Washington Law Review


Dun & Bradstreet v. Greenmoss Builders as an Example of Justice Powell’s Approach to Constitutional Jurisprudence

March 01, 2013 | 88 Wash. L. Rev. 143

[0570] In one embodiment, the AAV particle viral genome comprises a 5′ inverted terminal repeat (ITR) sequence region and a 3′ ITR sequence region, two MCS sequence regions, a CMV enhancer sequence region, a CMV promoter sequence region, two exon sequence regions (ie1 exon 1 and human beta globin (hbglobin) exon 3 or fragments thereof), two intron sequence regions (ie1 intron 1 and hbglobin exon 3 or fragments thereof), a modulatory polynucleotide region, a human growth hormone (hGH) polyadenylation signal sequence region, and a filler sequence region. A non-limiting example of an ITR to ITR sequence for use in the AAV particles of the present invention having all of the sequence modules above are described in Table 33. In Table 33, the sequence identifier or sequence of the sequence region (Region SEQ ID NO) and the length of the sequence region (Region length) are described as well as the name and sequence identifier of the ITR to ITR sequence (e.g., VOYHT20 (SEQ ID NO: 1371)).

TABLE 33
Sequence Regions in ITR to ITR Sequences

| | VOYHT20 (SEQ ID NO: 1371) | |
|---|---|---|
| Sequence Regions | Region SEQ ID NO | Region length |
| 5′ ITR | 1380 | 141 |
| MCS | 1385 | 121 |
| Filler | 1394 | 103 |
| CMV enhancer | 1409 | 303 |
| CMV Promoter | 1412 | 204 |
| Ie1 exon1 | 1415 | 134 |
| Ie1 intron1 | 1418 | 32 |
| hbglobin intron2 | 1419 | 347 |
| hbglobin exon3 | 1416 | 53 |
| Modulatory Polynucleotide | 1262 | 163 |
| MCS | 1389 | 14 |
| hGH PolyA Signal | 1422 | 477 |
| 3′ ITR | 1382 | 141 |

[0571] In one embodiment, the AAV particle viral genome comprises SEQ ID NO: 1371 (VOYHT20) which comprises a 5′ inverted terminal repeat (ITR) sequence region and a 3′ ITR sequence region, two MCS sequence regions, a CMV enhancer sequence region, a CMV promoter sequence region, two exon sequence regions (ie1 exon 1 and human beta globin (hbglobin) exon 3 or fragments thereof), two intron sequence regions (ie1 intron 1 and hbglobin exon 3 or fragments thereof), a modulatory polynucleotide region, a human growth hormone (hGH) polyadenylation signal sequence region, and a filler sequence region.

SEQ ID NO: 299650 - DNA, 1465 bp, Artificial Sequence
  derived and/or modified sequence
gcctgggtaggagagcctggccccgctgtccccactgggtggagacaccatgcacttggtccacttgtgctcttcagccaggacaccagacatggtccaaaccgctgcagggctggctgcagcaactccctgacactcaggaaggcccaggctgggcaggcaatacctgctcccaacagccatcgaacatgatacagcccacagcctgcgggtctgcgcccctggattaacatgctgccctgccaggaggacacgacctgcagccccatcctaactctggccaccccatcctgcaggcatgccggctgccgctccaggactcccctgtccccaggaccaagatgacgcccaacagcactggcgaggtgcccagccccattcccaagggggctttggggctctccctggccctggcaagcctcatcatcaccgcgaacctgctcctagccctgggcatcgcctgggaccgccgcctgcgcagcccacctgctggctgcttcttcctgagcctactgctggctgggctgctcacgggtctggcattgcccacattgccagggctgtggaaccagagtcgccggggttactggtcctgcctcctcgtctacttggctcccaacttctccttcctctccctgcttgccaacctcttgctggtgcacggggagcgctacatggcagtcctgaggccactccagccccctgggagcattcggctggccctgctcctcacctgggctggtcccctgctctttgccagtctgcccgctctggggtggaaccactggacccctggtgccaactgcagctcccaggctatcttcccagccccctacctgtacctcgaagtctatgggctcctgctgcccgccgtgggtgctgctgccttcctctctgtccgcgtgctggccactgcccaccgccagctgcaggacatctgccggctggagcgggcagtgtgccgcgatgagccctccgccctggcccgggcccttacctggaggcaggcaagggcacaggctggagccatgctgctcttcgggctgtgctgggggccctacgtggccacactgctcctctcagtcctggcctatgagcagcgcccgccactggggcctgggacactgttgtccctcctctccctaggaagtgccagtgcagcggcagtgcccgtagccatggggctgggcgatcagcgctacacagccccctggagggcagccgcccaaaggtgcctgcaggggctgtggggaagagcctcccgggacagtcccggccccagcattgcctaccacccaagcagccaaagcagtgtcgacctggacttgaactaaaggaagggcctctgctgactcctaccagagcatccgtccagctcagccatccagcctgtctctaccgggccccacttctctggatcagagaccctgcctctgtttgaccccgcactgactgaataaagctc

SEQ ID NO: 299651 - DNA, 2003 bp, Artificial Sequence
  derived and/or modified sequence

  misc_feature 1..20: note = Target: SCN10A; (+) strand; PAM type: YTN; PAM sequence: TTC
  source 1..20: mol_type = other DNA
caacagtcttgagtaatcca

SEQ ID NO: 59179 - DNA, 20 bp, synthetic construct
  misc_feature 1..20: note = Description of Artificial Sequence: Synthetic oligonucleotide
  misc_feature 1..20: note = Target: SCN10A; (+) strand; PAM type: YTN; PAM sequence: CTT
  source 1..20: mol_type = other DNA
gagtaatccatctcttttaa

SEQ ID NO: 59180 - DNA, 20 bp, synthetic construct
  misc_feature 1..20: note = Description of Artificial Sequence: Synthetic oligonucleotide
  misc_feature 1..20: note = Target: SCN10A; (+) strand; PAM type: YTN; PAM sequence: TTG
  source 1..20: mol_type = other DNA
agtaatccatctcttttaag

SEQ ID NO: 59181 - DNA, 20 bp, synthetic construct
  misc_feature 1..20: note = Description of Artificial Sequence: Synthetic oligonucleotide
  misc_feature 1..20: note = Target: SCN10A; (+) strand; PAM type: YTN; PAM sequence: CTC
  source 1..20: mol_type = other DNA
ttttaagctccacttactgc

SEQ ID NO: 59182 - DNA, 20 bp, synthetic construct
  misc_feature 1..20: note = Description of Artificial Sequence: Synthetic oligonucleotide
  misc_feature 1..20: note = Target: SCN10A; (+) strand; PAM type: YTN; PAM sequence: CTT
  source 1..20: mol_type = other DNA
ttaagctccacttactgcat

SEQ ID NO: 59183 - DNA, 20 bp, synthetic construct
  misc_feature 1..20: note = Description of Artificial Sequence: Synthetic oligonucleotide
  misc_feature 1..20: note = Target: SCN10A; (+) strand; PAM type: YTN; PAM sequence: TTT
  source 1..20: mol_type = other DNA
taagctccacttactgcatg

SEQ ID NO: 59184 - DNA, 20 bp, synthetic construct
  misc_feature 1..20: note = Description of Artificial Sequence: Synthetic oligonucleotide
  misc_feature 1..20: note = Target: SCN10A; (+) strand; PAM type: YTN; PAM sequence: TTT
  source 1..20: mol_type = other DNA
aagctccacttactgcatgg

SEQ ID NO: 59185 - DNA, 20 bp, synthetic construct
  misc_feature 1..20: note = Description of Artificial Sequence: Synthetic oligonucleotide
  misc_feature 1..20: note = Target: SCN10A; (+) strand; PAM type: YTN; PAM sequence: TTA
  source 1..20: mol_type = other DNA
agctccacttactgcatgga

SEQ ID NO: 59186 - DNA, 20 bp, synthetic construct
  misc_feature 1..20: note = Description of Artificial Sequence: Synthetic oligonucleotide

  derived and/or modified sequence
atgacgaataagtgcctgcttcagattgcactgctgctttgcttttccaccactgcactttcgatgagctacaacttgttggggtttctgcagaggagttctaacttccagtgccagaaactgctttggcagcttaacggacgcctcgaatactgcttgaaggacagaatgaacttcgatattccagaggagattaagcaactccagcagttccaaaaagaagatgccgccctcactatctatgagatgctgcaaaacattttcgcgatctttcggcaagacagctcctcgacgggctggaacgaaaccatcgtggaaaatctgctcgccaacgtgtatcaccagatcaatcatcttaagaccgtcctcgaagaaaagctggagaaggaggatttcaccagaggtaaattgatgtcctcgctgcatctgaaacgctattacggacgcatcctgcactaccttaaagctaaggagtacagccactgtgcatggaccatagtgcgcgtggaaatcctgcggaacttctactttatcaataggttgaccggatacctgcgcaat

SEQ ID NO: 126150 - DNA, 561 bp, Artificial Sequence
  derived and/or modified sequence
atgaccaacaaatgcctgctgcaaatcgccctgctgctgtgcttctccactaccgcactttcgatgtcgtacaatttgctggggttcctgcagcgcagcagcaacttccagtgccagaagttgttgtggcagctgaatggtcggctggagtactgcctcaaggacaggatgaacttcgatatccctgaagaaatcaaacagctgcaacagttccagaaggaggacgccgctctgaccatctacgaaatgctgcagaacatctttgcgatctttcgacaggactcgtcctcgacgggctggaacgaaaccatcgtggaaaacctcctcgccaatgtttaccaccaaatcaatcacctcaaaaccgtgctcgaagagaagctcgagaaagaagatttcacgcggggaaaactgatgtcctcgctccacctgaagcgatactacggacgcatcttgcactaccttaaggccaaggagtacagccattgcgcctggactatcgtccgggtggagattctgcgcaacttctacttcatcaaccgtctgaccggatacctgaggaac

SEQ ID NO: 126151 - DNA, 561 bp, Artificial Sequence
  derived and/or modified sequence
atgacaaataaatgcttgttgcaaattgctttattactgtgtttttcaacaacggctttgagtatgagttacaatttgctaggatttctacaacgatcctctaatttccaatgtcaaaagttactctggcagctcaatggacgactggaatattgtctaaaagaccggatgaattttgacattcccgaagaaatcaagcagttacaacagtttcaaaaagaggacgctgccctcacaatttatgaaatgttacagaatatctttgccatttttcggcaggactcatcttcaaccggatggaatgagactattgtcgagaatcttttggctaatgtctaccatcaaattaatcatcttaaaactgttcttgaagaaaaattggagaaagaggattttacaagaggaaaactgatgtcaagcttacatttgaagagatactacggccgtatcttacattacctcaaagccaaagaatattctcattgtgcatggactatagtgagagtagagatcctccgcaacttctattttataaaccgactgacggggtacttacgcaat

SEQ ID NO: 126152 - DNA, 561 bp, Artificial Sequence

It is striking to read the detailed account of the Supreme Court’s wrestling with Dun & Bradstreet, Inc. v. Greenmoss Builders, Inc. over a two-year period that came just a few years after I had the honor of clerking for Justice Lewis F. Powell, Jr. The unpacking of this story by Lee Levine and Steven Wermiel is invaluable because it so well illustrates the ways in which three important Justices did their jobs in the 1970s and 1980s. We see Justice Brennan working strategically to reinforce and extend his earlier opinion in New York Times Co. v. Sullivan, seeking ways to cobble together five votes from a Court that is far different from the Warren Court he once knew. We see Justice White, mercurial and idiosyncratic—first voting with Justice Brennan, then flirting with joining Justice Powell in narrowing the scope of Gertz v. Robert Welch, Inc., and ultimately filing a concurrence in the judgment calling for both Sullivan and Gertz to be overruled. And we see Justice Powell, the classic moderate centrist, seeking to adjust the constitutional rules so as to give what he considered sufficient respect to competing values—here, the competing values of protecting freedom of speech and preserving the States’ ability to use defamation law to protect reputations. Given this welcome opportunity to comment on the Levine and Wermiel account, I thought I would use it to offer some thoughts about Justice Powell’s approach to constitutional jurisprudence, particularly in First Amendment cases—an approach well illustrated by the story of Dun & Bradstreet, Inc. v. Greenmoss Builders, Inc.

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